Japanese Candy Sculpting
Traditional techniques and spirits


Japanese Candy Sculpting
Traditional techniques and spirits

Various shapes of Amezaiku

Various shapes created by taking advantage of the characteristics of candy as a material. Cuteness and charm born from deformation. Taste of nostalgia.

Worldwide Demonstration

A full house of visitors
Demonstration at the "Alimentarium" Museum, Switzerland

A lump of candy changes shape one after another. Demonstration of Amezaiku craftsmanship where you can see and enjoy the process. The most interesting part of Amezaiku is to watch the process of forming the shape.

About onsite demonstration

Arranging them on a display stand.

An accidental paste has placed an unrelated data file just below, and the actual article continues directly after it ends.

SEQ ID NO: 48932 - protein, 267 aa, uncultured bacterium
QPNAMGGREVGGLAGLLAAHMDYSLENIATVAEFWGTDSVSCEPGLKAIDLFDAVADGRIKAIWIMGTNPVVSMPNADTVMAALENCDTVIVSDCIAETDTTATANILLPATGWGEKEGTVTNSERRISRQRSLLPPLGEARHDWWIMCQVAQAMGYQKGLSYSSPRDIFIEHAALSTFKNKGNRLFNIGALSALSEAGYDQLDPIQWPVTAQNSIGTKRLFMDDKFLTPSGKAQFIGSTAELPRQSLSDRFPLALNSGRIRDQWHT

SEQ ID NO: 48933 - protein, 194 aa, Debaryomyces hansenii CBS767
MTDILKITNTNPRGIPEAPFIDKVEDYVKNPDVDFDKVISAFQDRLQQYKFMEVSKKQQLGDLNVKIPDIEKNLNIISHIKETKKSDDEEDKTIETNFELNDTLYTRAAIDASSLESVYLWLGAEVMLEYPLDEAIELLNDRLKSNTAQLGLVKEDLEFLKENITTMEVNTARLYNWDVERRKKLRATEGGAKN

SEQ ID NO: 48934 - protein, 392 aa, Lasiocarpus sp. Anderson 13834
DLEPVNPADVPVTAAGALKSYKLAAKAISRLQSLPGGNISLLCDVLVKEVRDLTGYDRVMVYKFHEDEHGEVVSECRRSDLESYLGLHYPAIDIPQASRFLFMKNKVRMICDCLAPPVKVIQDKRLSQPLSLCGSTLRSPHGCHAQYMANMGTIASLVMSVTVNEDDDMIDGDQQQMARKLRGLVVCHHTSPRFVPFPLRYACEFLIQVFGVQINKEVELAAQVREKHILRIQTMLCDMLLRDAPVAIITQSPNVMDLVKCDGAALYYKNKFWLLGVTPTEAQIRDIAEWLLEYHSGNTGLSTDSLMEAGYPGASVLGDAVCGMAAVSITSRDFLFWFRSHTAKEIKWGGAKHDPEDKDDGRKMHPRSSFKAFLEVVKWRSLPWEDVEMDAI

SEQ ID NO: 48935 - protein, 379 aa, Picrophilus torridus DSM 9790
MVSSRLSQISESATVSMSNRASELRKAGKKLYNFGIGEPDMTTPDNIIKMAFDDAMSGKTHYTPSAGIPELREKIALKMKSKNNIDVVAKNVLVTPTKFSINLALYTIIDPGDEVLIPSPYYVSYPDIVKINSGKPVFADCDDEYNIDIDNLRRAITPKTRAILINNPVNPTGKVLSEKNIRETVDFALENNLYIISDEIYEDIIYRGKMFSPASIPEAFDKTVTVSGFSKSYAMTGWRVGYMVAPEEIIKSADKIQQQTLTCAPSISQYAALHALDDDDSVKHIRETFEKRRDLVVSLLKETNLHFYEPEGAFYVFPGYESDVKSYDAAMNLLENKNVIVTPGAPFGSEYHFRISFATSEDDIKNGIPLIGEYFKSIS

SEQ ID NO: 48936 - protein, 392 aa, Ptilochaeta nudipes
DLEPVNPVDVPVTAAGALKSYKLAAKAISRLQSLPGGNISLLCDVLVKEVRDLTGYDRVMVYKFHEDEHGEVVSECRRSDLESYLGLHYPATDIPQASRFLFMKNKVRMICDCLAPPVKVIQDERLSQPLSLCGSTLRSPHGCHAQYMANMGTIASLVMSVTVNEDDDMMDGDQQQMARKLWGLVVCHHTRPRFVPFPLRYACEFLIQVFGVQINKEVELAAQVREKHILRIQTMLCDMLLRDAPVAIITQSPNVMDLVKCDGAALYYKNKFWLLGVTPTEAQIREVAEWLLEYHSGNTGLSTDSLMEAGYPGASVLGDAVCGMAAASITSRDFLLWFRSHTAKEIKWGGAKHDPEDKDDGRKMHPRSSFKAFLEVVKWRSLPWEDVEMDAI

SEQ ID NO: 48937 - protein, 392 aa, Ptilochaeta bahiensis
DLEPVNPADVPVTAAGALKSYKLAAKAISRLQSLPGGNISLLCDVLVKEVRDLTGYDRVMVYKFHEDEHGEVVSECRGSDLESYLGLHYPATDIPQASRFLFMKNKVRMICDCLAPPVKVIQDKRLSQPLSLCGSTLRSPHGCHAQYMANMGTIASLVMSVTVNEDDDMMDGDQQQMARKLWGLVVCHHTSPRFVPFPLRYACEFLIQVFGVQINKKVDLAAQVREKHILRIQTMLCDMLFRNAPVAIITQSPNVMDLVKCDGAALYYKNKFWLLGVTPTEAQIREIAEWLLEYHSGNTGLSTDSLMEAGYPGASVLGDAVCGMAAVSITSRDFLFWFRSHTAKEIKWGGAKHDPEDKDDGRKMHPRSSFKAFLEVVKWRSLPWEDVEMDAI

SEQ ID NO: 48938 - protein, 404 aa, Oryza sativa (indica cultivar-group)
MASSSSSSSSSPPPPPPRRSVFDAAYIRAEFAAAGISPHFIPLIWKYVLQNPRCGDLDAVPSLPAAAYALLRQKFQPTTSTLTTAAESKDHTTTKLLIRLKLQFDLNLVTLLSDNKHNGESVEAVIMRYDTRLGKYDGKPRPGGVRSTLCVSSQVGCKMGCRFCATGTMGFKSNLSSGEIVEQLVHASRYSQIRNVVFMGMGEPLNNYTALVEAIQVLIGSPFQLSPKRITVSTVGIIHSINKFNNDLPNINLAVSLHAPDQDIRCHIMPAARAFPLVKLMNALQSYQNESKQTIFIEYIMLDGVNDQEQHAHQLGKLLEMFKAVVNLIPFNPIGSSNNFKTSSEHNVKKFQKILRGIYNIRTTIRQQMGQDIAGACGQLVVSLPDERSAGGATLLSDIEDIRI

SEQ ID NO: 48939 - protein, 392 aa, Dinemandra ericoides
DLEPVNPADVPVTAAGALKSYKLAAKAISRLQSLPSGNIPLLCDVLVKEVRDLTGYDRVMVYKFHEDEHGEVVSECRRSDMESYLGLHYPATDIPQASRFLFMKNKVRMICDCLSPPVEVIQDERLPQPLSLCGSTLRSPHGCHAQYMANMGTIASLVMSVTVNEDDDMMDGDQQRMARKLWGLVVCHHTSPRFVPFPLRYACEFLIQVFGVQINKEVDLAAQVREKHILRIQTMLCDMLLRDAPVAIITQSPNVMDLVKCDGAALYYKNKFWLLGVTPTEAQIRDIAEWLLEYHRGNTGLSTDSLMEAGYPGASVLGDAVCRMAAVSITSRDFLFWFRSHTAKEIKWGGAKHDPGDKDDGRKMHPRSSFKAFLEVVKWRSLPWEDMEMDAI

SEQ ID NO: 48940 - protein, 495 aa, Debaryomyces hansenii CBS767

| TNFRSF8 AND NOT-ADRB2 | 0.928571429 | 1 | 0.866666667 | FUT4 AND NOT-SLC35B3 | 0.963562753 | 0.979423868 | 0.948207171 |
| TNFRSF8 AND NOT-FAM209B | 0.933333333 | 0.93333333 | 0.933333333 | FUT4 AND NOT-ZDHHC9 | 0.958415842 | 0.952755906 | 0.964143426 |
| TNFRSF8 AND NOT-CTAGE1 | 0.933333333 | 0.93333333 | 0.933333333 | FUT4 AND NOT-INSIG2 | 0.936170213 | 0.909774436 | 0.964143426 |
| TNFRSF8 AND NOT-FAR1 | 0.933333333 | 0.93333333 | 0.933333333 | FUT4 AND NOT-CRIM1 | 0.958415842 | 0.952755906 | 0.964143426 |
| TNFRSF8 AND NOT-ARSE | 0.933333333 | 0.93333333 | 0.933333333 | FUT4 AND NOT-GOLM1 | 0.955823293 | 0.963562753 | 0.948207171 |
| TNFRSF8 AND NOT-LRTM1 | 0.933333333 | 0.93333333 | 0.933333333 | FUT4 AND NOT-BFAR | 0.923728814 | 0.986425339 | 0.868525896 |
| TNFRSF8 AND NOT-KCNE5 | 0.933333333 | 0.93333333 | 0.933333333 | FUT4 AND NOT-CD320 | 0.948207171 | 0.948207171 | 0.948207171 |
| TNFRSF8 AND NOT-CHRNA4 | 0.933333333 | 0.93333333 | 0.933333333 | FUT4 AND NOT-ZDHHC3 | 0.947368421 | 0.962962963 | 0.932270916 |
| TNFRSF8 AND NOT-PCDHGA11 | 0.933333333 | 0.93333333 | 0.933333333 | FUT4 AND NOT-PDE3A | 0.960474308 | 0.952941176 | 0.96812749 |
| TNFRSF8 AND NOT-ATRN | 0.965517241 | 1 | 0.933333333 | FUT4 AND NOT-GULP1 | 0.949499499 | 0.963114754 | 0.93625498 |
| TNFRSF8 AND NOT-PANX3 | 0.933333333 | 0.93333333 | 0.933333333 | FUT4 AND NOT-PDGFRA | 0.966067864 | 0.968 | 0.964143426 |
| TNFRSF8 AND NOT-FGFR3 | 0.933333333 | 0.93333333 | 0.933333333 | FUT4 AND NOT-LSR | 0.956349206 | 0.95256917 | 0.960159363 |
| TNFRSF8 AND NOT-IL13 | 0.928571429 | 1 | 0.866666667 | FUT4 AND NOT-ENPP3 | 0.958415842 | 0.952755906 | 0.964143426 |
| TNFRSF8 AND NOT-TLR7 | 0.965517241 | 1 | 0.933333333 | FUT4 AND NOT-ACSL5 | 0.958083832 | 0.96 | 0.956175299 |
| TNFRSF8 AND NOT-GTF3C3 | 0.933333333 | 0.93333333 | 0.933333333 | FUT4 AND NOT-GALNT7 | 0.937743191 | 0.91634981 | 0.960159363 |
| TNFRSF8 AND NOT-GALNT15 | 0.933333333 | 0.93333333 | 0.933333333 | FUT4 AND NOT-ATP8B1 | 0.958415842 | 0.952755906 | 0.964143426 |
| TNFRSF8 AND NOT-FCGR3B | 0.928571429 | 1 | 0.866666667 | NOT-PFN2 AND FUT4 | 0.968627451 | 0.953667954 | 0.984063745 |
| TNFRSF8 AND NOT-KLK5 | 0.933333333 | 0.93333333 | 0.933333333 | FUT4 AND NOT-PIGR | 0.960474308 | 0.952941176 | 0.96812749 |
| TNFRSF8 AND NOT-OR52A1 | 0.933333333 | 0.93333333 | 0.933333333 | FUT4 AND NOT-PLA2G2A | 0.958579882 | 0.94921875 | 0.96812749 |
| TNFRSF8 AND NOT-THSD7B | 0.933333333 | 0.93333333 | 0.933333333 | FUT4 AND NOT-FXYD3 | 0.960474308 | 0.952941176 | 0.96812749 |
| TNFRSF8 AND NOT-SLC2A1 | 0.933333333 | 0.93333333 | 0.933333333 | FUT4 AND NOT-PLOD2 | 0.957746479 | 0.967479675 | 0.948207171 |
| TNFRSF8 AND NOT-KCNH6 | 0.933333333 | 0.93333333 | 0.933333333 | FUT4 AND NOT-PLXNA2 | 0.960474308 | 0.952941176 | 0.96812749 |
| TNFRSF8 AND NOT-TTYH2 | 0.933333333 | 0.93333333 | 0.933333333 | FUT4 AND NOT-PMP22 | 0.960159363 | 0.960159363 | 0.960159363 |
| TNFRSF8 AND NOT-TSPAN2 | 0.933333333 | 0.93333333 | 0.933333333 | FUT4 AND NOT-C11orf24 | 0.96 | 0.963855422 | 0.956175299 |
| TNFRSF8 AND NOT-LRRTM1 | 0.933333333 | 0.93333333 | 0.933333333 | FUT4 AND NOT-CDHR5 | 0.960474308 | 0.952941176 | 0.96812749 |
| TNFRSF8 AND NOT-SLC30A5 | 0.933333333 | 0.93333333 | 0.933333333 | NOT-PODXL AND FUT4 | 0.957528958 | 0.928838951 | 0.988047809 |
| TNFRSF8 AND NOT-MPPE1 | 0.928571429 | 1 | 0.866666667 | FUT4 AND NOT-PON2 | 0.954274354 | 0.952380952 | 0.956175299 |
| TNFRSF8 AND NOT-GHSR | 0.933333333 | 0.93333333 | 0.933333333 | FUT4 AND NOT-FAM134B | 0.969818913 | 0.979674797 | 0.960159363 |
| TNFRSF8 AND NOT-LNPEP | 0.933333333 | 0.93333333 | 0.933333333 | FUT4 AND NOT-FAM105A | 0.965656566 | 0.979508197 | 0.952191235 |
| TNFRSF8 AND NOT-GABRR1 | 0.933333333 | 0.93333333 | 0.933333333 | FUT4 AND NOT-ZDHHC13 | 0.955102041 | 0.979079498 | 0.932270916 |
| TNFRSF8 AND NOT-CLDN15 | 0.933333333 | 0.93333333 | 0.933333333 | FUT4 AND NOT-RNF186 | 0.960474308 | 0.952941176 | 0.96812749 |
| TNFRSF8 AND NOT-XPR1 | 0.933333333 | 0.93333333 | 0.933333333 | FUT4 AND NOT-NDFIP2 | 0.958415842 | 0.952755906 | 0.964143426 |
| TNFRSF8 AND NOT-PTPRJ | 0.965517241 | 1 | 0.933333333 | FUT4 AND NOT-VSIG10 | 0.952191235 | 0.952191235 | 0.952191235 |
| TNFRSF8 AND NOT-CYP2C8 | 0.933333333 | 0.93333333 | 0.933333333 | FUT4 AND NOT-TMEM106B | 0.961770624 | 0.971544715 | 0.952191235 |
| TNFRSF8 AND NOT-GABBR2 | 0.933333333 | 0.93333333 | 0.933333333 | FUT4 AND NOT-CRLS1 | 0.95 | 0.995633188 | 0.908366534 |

Demonstration at the "Grand-Place" square, a World Heritage Site in Belgium

Surprise to see for the first time? The good thing about Amezaiku is that it can be enjoyed by both children and the elderly. Fun to see up close.

Profile of the artisan

Image of Takahiro Mizuki

Walking as an Amezaiku artisan for more than 20 years already.
Amezaiku was thought to be a "fading traditional art" when I started. Still doing the same old-fashioned Amezaiku I have been doing since I started.

History of Amezaiku

There are similar things around the world to shape candy into different forms.
One of the characteristics of Amezaiku is to use Japanese-style scissors in shaping process.
When and how did it begin?

Contact Information

For inquiries about onsite demonstration. (English or Japanese)

Traditional Japanese Amezaiku Artisan
Tatemachi2300-174, Hachioji, Tokyo Japan

Feel free to contact for further information. Will travel to any location possible.
Long distance business trip records:〈East〉Baltimore, USA 〈West〉Riyadh, Saudi Arabia 〈South〉Jakarta, Indonesia 〈North〉Brussels, Belgium